I have some degree of familiarity with the Latin language. I spent just over five years translating the entire Clementine Vulgate Bible from Latin into English (http://www.sacredbible.org/). I’ve also translated Unam Sanctam from Latin into English (http://www.catholicplanet.com/TSM/Unam-Sanctam-index.htm), and from time to time, as needed, I translate sections of various Church documents or the writings of Saints from Latin for use in my theology writings. Now I don’t know Latin as well as persons who, in past centuries, had Latin as their first language, or at least as their daily language. But I understand Latin better than the vast majority of other Catholics.
It is disconcerting to me when I hear (or read) other Catholics speaking about Latin as if it were better than other languages, or as if Latin were necessarily to the Catholic Faith, or as if the Mass is necessarily better whenever Latin is used. This type of exaltation of the Latin language is unjustifiable, and at times borders on idolatry.
Is Latin inherently better than other languages?
No, it is not. Like every language, Latin has its strengths and weaknesses. Once strength is conciseness. Latin uses a change in the ending of words (nouns, adjectives, verbs, adverbs) in order to indicate aspects of meaning that other languages express in separate words. Latin benefits from a certain Roman cultural tendency to think with sharp distinctions. For example: “Veni, vidi, vici;” meaning, “I came, I saw, I conquered.” The language is concise and to the point. The subject is often implied by the ending of the verb; pronouns are used less than in other languages.
Latin also has a certain beauty and eloquence, but no more so than any other language used with beauty of meaning and of expression. A particular verse in the Bible may be more eloquent and concise in Latin than in English, or it might not be. English, though less concise, benefits from a much larger vocabulary than Latin. Any poem in any language is capable of using that language adeptly in the expression of truth by means of beauty. Latin no more so than other languages.
Latin also has its weaknesses. The Latin language lacks the definite and indefinite articles (the, a, an). This creates some problems in Bible translation, since Hebrew and Greek Bible texts will have articles, but the Latin will not. The meaning of a phrase might be less clear. Another weakness of Latin is that most words have numerous different declensions (different forms based on the ending of the word). The declension indicates the role of the word in the sentence, its number, and for verbs its tense also. But there is much overlap between the various ending and their possible meanings. So a particular ending might be singular in one case, or plural in another case. One can only tell the difference by the context of its use. This can result in a certain ambiguity of meaning.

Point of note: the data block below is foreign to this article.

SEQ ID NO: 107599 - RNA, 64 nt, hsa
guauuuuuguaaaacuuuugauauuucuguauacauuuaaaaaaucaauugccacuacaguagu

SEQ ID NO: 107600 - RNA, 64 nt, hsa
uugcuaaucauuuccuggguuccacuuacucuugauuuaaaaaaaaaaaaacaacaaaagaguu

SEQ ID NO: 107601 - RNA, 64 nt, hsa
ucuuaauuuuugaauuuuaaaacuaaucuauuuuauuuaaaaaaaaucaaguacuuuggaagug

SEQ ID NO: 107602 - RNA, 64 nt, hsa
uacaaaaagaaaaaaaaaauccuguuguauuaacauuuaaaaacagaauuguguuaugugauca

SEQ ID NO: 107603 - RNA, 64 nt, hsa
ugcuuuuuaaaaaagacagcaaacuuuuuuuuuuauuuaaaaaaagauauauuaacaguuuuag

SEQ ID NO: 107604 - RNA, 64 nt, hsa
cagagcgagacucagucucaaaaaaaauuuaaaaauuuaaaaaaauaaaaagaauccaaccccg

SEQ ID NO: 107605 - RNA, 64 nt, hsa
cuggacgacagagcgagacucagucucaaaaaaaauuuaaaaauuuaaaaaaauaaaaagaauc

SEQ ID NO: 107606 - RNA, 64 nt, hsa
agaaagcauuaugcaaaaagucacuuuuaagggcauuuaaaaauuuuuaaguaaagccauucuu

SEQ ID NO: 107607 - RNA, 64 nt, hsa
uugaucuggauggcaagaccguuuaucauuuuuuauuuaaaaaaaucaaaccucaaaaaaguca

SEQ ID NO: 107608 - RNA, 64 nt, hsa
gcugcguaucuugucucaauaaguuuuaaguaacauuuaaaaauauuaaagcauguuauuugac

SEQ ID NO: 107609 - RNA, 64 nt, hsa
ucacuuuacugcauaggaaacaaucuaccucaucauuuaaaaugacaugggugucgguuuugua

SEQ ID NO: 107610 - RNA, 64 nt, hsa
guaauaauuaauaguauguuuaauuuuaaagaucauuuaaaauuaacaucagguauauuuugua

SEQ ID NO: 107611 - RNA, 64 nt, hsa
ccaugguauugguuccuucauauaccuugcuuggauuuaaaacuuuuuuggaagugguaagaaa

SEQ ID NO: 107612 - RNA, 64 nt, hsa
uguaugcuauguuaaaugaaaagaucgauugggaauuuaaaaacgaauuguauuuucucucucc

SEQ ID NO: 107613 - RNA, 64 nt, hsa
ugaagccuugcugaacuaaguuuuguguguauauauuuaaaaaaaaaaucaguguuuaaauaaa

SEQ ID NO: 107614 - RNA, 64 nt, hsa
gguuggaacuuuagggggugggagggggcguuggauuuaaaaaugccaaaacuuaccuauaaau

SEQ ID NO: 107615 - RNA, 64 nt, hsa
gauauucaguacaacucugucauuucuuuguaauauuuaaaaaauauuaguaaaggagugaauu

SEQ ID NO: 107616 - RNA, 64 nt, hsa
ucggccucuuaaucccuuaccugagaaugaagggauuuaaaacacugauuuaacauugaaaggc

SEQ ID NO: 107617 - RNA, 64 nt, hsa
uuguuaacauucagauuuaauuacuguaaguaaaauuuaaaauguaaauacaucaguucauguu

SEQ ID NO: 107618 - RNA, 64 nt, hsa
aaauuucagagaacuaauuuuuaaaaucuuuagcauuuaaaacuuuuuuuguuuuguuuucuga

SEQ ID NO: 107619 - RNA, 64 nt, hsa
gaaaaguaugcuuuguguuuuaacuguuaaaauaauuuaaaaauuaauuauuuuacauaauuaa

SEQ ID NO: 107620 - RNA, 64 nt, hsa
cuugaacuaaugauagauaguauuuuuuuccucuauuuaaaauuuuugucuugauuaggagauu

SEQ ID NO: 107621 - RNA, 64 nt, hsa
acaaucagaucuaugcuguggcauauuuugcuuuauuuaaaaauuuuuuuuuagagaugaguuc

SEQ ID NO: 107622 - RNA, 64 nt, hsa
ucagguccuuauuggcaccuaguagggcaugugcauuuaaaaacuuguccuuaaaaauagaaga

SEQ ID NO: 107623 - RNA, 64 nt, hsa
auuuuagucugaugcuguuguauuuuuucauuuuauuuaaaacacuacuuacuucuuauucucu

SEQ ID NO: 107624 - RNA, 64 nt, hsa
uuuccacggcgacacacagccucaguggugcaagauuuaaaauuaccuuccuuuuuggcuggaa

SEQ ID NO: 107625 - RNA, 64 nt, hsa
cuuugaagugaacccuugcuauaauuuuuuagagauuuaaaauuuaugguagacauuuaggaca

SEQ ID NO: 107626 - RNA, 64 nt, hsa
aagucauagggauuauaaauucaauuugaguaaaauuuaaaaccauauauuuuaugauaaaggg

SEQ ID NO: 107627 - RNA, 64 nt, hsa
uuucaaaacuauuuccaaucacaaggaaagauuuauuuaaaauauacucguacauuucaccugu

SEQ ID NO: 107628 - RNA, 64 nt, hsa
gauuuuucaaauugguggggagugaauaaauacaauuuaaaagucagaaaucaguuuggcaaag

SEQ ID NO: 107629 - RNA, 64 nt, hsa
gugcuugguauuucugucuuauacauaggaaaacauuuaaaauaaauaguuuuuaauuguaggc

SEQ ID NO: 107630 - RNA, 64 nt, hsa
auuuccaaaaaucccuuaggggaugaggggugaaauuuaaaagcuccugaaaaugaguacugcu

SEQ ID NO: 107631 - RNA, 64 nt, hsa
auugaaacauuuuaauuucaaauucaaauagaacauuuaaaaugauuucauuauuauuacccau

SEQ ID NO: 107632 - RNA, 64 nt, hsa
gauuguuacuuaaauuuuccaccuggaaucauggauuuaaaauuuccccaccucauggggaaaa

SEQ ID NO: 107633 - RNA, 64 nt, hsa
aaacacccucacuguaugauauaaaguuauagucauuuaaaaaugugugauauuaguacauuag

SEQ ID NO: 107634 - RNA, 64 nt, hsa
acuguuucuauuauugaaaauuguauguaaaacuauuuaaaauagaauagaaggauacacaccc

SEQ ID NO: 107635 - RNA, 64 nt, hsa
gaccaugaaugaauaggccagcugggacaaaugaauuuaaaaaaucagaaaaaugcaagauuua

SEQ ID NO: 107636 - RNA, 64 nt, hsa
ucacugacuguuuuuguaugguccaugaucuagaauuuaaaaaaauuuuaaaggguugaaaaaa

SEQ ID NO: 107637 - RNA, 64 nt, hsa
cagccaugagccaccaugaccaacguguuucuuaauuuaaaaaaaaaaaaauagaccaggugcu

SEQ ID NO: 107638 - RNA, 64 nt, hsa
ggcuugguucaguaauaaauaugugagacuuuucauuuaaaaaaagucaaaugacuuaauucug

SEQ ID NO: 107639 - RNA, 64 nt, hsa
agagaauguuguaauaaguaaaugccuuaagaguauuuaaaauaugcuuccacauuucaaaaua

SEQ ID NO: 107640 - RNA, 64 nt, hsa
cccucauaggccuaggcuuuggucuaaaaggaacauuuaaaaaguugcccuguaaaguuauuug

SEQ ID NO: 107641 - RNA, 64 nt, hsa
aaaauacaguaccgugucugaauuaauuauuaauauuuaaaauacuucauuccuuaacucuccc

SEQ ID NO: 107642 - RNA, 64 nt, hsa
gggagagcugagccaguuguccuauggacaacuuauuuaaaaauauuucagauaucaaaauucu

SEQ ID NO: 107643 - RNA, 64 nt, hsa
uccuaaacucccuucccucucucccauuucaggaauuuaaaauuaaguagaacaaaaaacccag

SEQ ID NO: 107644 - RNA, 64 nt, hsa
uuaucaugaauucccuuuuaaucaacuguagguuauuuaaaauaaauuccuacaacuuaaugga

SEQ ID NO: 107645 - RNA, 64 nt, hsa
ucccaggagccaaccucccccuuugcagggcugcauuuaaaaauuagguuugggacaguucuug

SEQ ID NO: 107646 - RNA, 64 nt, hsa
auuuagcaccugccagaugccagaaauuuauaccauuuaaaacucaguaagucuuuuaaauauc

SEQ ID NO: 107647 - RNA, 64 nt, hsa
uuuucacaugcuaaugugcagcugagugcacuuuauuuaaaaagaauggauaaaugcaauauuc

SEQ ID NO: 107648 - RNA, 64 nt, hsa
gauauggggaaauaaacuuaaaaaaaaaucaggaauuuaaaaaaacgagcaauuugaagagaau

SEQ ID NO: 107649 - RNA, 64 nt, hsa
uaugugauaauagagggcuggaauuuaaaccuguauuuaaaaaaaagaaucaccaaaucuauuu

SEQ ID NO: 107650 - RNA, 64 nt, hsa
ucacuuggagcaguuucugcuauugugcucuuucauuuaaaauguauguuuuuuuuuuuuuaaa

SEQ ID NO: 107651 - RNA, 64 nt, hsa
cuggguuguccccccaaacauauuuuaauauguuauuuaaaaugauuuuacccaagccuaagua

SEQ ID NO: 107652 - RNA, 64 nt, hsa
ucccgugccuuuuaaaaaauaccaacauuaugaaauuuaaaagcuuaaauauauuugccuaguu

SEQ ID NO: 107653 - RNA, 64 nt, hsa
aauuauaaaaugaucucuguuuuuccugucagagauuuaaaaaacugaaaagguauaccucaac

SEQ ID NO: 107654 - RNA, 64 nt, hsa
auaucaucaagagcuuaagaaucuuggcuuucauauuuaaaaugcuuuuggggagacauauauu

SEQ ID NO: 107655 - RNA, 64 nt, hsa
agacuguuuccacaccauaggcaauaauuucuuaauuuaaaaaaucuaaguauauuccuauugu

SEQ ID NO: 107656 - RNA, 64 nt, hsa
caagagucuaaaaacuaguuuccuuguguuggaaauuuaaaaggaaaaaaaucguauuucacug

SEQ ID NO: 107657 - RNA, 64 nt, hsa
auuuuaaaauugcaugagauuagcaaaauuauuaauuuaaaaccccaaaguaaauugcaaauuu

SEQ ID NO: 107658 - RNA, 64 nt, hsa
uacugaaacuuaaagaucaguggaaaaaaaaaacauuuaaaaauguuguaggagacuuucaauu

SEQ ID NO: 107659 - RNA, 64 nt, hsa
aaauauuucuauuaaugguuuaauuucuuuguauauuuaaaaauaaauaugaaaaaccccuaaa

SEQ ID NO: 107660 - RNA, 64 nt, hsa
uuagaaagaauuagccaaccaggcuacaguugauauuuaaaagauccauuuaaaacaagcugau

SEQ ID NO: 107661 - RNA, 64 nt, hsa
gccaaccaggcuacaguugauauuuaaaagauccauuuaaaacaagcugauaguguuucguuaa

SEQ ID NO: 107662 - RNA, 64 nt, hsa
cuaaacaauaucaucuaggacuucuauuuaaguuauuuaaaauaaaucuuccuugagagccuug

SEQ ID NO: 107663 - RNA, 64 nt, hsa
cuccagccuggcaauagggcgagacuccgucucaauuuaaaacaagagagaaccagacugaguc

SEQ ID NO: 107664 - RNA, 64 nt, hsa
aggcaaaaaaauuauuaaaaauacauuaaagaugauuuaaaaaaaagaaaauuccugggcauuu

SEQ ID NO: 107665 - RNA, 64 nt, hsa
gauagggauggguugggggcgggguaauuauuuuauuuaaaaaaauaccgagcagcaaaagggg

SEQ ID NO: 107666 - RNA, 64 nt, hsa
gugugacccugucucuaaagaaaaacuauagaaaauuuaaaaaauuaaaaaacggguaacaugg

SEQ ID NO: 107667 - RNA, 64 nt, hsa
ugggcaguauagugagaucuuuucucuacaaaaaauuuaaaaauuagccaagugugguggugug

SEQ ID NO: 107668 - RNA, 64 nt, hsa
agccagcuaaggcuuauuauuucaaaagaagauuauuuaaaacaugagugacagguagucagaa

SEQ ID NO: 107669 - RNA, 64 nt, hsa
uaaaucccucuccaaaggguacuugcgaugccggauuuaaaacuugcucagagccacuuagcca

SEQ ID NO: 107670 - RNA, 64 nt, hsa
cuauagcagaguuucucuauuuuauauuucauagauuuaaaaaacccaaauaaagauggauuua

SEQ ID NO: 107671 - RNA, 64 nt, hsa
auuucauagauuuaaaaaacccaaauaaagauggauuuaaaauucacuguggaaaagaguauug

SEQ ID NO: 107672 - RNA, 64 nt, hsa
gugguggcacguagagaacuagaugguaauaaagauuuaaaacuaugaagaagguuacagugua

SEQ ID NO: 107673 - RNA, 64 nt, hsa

Is Latin necessary to the Catholic Faith?
No, it is not. The Church has chosen to use Latin as Her official language for a variety of reasons. But in truth, any other language could have been chosen. In Her early years, the Church spread widely and quickly in the Roman empire (and beyond) with the result that very many Christians within the many nations of that empire, all had Latin as a common language. There was a certain usefulness then, to adopting Latin as the language for official documents, and for the Mass. A priest could say Mass in Latin, and be understood (!!), because Latin was widely used in many nations. But if the situation had been otherwise, if some other language was common to many nations, then the Church could just as well have adopted that language.
Indeed, in the Catholic Church in the East, Greek has remained the dominant ecclesial language. There is nothing inherent to Latin that makes it better than other languages for use by the Church, but there is also nothing inherent to Greek that makes it better either. And this concept about languages applies also to the languages of Sacred Scripture. There is nothing inherent to Hebrew that makes it more suitable for conveying the truths of Divine Revelation than other languages. The Hebrew Old Testament is inspired by the Holy Spirit, but so in the Greek Old Testament. It is the Spirit, not the language, that is essential to truth.
Is the Mass better when said in Latin?
No, it is not. Now on this point, I am not comparing the older order of the Mass to the newer order. These two forms of the Mass have many differences other than language. I am referring only to the language.
Some persons speak as if the Mass were somehow holier or more solemn in Latin than in the vernacular (e.g. English). They attend a Latin Mass and the use of Latin seems to make the Mass more mysterious. Why? because they don’t know much Latin. They can’t quite understand what is being said, and so the Mass seems more distant and difficult to discern. This may give the impression, to some persons, of holiness. But holiness is not obscurity.
The Mass was in Latin for many hundreds of years because Latin was the vernacular. The Bible in Latin is called the Vulgate. Why? because the word vulgate means ‘common’. Latin was the common language of the Church, in use and understood by very many persons. Now the language of Latin is not in use as any nation or people’s first language. And the vast majority of Catholics cannot understand what is being said at the Latin Mass. In my opinion, this fact makes Latin less suitable as the language of the Mass, not more suitable.
The current form of the Mass is not perfect. But returning to the Latin Mass as the ordinary daily form of the Mass is not the answer. Rather, the current form should be improved, gradually, repeatedly over time. But it is better to use the vernacular language of the faithful than a language that most do not understand.